Well, this is it: the final issue of the original Computerworld newspaper. Almost exactly 40 years ago, Patrick J. McGovern decided that the data processing world needed a publication that wouldnt be in the pockets of the vendors who advertised, like too many industry magazines at the time. McGoverns newspaper was launched quickly on a shoestring budget, printed on cheap newsprint and laughed at by advertisers who knew it could never succeed.

It succeeded. The advertisers stopped laughing. The budget got fatter. The paper got slicker. And now, a mere 2,056 weekly issues later, Computerworld is changing to a magazine.

Does that really make a difference? Yes, it does.

A few weeks ago, I sat with a hundred close friends of Computerworld, listening to McGovern talk about the earliest days of the newspaper. Though his stories were from four decades ago, they all had a familiar ring. That was partly because a newspaper is a newspaper; chasing stories, beating deadlines and tearing up the front page for breaking news hasnt changed much in 40 years.

But something else was very familiar. From the very beginning, Computerworld has been first and foremost an advocate for people working in corporate IT shops. Not for the IT industry for IT people.

A tabloid newspaper was perfect for that mission. Like real IT work, it wasnt slick and pretty, but rough, messy and a little rushed. Computerworld didnt present a beautiful, glossy image of IT products, vendors and projects; it found flaws, pointed up problems and talked about both what worked and what didnt.

And unlike the monthly magazines, Computerworld got IT news to its readers in days, not weeks. Thats when readers needed it, and thats when they got it.

Forty years on, readers still need their IT news fast. But today, its the newspaper thats the slowpoke.

Today, almost nothing in Computerworld hasnt already appeared on Computerworld.com often in several versions as news develops by the time the newspaper hits readers desks.

And the Web site isnt just faster. It also has the endless room of the Internet to provide details, context, background and even links to IT-related information that doesnt come from Computerworld, but that Computerworld readers need.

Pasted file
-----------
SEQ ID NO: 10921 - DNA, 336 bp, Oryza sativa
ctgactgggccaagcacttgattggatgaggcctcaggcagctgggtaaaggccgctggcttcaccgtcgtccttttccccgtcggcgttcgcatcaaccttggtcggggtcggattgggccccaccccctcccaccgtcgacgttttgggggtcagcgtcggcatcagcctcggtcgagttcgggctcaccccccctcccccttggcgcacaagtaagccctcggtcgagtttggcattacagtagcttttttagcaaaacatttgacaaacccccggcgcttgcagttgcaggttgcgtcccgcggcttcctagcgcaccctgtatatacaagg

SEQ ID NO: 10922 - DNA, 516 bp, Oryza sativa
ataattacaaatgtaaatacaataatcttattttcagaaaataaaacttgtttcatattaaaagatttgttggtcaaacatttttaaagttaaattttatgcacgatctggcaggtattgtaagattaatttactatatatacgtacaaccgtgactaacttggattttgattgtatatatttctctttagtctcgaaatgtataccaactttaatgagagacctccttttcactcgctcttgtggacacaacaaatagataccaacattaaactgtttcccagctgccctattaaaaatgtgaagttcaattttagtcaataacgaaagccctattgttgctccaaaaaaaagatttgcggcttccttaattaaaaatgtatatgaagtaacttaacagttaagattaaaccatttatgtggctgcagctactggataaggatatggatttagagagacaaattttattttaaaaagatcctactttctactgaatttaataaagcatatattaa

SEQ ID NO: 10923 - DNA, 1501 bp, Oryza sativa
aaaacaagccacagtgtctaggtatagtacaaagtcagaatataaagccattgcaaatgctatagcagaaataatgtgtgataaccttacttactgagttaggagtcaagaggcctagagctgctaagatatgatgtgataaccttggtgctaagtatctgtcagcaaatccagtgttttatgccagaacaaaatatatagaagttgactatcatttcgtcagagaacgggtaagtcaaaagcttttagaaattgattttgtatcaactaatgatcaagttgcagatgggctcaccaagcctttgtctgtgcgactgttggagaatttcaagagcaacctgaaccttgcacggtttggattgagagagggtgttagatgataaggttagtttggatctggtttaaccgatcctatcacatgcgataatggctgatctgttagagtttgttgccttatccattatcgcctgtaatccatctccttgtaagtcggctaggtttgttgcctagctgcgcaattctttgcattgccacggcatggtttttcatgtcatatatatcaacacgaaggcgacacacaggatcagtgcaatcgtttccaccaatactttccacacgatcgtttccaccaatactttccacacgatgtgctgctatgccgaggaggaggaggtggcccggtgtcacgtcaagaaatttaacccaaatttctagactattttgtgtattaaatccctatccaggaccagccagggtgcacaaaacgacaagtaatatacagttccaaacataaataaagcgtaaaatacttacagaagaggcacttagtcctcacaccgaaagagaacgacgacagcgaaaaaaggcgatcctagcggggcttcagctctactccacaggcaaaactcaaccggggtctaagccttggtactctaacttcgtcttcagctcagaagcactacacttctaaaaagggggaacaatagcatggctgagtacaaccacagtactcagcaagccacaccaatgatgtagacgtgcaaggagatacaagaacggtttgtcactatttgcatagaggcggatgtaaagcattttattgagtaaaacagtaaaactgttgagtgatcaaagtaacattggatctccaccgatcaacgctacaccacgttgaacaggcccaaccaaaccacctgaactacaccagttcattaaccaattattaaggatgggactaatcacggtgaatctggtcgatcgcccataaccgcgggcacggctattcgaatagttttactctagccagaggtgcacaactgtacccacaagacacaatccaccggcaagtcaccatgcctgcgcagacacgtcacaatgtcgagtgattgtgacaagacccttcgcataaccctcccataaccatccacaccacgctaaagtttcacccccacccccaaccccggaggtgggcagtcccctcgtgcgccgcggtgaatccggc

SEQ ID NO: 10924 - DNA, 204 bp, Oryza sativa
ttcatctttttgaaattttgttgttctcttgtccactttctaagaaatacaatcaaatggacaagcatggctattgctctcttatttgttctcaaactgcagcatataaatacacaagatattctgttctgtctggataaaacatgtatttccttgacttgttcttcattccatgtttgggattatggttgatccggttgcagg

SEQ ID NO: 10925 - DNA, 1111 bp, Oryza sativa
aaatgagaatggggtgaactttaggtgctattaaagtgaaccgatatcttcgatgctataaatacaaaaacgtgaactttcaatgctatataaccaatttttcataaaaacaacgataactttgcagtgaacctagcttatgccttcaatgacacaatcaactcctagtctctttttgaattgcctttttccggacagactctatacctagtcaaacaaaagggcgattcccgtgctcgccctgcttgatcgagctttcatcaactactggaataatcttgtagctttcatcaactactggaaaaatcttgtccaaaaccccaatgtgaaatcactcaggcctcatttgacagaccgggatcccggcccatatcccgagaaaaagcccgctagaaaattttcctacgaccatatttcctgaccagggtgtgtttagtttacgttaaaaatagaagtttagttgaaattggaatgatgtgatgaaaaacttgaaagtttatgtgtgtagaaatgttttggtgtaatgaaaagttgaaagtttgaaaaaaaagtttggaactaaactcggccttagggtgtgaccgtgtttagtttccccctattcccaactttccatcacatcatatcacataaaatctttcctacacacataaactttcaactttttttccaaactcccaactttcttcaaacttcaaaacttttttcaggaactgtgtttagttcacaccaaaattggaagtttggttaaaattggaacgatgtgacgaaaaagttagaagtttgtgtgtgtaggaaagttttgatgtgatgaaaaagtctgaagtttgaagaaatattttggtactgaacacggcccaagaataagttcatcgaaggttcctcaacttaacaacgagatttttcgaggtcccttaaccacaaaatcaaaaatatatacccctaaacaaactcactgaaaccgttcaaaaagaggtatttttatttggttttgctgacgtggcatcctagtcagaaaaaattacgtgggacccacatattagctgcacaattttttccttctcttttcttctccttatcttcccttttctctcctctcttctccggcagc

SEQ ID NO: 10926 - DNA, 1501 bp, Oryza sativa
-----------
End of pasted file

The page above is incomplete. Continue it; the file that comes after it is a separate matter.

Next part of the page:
Best of all, Computerworld.com isnt just focused on what IT people need. With the Web sites ability to let readers comment, its an ongoing conversation one thats actually driven by IT people in real time. Thats more than the newspaper could ever be.

Computerworld the newspaper really has been replaced by Computerworld.com. And now this paper-and-ink edition is being replaced by a magazine. (Its ironic that Computerworld was originally cheaper to produce as a newspaper than as a magazine, and now its being converted to a magazine because thats cheaper today. But theres progress for you.)

The new Computerworld cant get readers the news as quickly as Computerworld.com or in as much quantity. Instead, Computerworld will be a tighter, faster read than the Web site, with a sharper focus and more analysis. The magazine will still be conveniently portable and will still make it easy for readers to mark up, tear out and pass around articles.

And, yes, Computerworld will still have Shark Tank, in its new home just one page away from this column.

But it wont be a newspaper.

So this is it: the last page of our last newspaper issue. And as usual, Sharky and I get the last word.

Newspaper reporters traditionally mark the end of their stories with -30-. Many Computerworld reporters will still do that, but this is really the last time we can do it legitimately. After this week, we wont be working for a newspaper any longer.

But just as we have for 40 years well still be working for you.

See you on July 9.

Frank Hayes, Computerworlds senior news columnist, has covered IT for more than 20 years. Contact him at frank_hayes@computerworld.com.


Copyright © 2007 IDG Communications, Inc.

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